Debate rancor stuns viewers around globe

©China Daily US edition

US President Donald Trump and Democratic presidential nominee Joe Biden participate in their first 2020 presidential campaign debate held on the campus of the Cleveland Clinic at Case Western Reserve University in Cleveland, Ohio, US, September 29, 2020. [Photo/Agencies]

US commentators and newspaper editorials called the first presidential debate between President Donald Trump and Democratic nominee Joe Biden a "train wreck'', a "hot mess'' and "unhinged''.

"World Wrestling Entertainment fans have a new sport,'' read an editorial in The Gazette in Colorado Springs, Colorado. "It's called presidential debate, and they should be sure to catch the next one.''

"The event was a spectacle of insults, interruptions, endless crosstalk, exaggerations and flat-out lies even by the lying standards of current US politics,'' wrote The Wall Street Journal.

During the 98-minute debate on Tuesday night, there were claims and counterclaims, but unlike any of the previous US presidential debates, there were interruptions — a lot of them.

Trump interrupted Biden or debate moderator Chris Wallace at least 128 times, according to one count. The president's interruptions prompted Biden to say, "Will you shut up, man?"

Wallace asked the president at least 25 times to stop interrupting, saying at various times:

"Sir, you're debating him, not me. Let me ask my question." "Please let the vice-president talk." "You've made your point. Please let him answer." "You've agreed to two minutes, please let him have it." "Mr. President, can you let him finish, sir?"

In so-called instant polls taken after the debate of people who agreed to watch it, CNN's poll found that Biden won the debate, 60 percent to 28 percent.

In a CBS News/YouGov poll, 48 percent of viewers said Biden won, while 41 percent said Trump did. (Ten percent said the debate was a tie). In the same survey, 83 percent of viewers said the debate was negative.

Trump tweeted his take Wednesday morning: "Chris had a tough night. Two on one was not surprising, but fun. Many important points made, like throwing Bernie, AOC PLUS 3, and the rest, to the wolves! Radical Left is dumping Sleepy Joe. Zero Democrat enthusiasm, WEAK Leadership!"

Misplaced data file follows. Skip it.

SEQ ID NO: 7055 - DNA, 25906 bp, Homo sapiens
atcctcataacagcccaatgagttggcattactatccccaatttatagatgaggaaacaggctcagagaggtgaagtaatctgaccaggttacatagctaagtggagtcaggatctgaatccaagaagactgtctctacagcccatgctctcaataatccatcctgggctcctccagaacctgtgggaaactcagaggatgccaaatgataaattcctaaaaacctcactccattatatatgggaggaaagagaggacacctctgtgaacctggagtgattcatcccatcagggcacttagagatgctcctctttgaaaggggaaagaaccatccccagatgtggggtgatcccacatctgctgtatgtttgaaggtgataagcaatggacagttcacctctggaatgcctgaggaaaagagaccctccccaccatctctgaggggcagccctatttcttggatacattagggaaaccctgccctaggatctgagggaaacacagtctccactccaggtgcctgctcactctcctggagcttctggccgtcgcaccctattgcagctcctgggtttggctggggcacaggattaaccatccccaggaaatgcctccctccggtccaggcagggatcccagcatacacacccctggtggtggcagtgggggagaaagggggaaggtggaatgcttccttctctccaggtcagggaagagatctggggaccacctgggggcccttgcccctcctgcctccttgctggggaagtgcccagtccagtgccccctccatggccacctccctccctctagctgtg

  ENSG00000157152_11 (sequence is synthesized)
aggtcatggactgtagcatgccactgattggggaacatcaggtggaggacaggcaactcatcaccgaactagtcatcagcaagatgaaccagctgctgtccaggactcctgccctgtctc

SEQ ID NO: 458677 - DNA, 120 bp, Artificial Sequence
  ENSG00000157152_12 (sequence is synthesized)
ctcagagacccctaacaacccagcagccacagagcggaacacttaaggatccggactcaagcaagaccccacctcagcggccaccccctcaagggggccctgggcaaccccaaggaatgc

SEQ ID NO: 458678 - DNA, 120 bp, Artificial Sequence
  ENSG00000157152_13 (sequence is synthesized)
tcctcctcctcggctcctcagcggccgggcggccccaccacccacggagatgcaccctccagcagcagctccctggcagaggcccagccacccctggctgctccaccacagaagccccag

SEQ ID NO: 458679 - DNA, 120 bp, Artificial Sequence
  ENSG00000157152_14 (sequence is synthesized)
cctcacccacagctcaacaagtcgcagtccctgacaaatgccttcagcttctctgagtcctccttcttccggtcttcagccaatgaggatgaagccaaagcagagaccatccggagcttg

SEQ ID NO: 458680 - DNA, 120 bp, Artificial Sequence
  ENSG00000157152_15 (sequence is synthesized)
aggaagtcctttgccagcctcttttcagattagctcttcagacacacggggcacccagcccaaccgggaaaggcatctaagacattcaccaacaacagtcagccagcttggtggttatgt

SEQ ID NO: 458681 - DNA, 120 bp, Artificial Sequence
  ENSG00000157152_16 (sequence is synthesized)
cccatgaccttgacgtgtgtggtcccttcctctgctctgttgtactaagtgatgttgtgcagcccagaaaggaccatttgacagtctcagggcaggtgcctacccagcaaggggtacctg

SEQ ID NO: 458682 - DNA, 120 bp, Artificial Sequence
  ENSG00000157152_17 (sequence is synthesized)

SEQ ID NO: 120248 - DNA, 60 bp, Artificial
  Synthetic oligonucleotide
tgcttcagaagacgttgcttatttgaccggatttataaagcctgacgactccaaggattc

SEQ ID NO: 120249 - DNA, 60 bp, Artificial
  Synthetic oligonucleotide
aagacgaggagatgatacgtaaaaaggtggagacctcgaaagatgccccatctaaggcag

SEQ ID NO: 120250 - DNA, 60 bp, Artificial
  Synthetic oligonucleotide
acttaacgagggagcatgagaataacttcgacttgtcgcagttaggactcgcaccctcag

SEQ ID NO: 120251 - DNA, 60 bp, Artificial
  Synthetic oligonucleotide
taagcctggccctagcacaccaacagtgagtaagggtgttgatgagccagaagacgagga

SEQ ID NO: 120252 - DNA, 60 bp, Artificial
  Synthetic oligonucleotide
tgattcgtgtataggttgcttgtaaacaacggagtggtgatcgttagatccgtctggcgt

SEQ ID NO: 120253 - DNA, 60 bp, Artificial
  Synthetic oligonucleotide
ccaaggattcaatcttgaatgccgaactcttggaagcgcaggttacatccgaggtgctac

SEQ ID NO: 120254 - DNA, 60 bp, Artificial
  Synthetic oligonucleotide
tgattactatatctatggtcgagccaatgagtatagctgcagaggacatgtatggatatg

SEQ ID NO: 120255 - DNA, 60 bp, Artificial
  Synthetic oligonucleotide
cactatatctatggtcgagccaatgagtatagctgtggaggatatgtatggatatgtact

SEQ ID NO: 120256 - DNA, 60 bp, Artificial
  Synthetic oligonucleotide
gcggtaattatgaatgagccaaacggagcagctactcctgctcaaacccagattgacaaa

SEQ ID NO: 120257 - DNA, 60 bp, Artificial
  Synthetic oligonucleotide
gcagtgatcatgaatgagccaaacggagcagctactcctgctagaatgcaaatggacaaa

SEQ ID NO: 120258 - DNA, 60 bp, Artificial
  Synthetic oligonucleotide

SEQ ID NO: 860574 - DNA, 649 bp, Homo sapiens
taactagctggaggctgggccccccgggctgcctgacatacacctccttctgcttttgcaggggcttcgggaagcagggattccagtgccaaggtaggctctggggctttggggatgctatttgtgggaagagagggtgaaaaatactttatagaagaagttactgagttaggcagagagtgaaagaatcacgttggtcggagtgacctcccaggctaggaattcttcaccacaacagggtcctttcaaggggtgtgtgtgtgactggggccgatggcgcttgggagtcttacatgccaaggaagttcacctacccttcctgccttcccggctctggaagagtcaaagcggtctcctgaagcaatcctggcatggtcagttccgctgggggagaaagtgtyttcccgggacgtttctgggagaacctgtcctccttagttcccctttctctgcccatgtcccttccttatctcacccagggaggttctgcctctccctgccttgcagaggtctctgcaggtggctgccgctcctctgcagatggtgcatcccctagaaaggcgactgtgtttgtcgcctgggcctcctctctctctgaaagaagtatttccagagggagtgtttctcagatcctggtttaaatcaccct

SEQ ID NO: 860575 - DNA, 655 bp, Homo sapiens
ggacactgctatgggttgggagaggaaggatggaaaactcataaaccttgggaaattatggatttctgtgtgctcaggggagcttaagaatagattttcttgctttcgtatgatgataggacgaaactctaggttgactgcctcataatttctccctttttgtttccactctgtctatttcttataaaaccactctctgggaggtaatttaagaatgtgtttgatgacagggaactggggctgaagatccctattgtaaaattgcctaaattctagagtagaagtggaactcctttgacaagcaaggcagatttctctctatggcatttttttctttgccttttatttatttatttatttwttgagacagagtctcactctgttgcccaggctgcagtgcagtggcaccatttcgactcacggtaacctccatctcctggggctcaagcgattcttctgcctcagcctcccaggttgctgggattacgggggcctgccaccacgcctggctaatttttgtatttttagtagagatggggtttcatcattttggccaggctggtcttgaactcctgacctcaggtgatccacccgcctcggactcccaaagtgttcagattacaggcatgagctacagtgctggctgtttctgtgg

Biden, who was campaigning by train in Pennsylvania on Wednesday tweeted: "Last night reinforced why I got into this race: We are in a battle for the soul of this nation — and it's a battle we must win."

"If you're going to say that President Trump was rude, there was only one person who called the other one a clown, a racist, the worst president ever and told [him] to shut up. And that was Joe Biden on Donald Trump," said Brian Kilmeade on Fox & Friends, a show that is supportive of the president.

While the debate generated a heated reaction, it drew a significantly smaller US audience than the first debate between Trump and Hillary Clinton in 2016. According to Nielsen, Tuesday's debate had 73.1 million viewers compared with its counterpart, which drew 84.4 million watchers four years ago.

Reaction abroad to the first of three debates included comments such as "chaotic'', a "brawling encounter'', "spiteful'' and "a joke''.

Some also said the debate raised questions about the state of American democracy.

"The ultimate arbiter will be the American voter," said Ulrich Speck, an analyst with the German Marshall Fund in Berlin. "But there is a consensus in Europe that this is getting out of hand, and this debate is an indicator of the bad shape of the American democracy.''

Nicole Bacharan, a French-American historian and political analyst who lives in France, told The New York Times: "It sent a depressing image of the United States, of the American democracy and its role in the world."

John Sawers, a former British diplomat and head of a risk analysis firm, told the Times: "My own response is that it makes me despondent about America. The country we have looked to for leadership has descended into an ugly brawl."

"The spiteful debate mirrors a country that is no longer even capable of having a dignified discussion," read an editorial published by Switzerland's right-leaning Neue Zürcher Zeitung newspaper Wednesday morning.

Abdulkhaleq Abdulla, a political scientist in the United Arab Emirates, wrote on Twitter that he saw the debate as a "tumultuous verbal battle".

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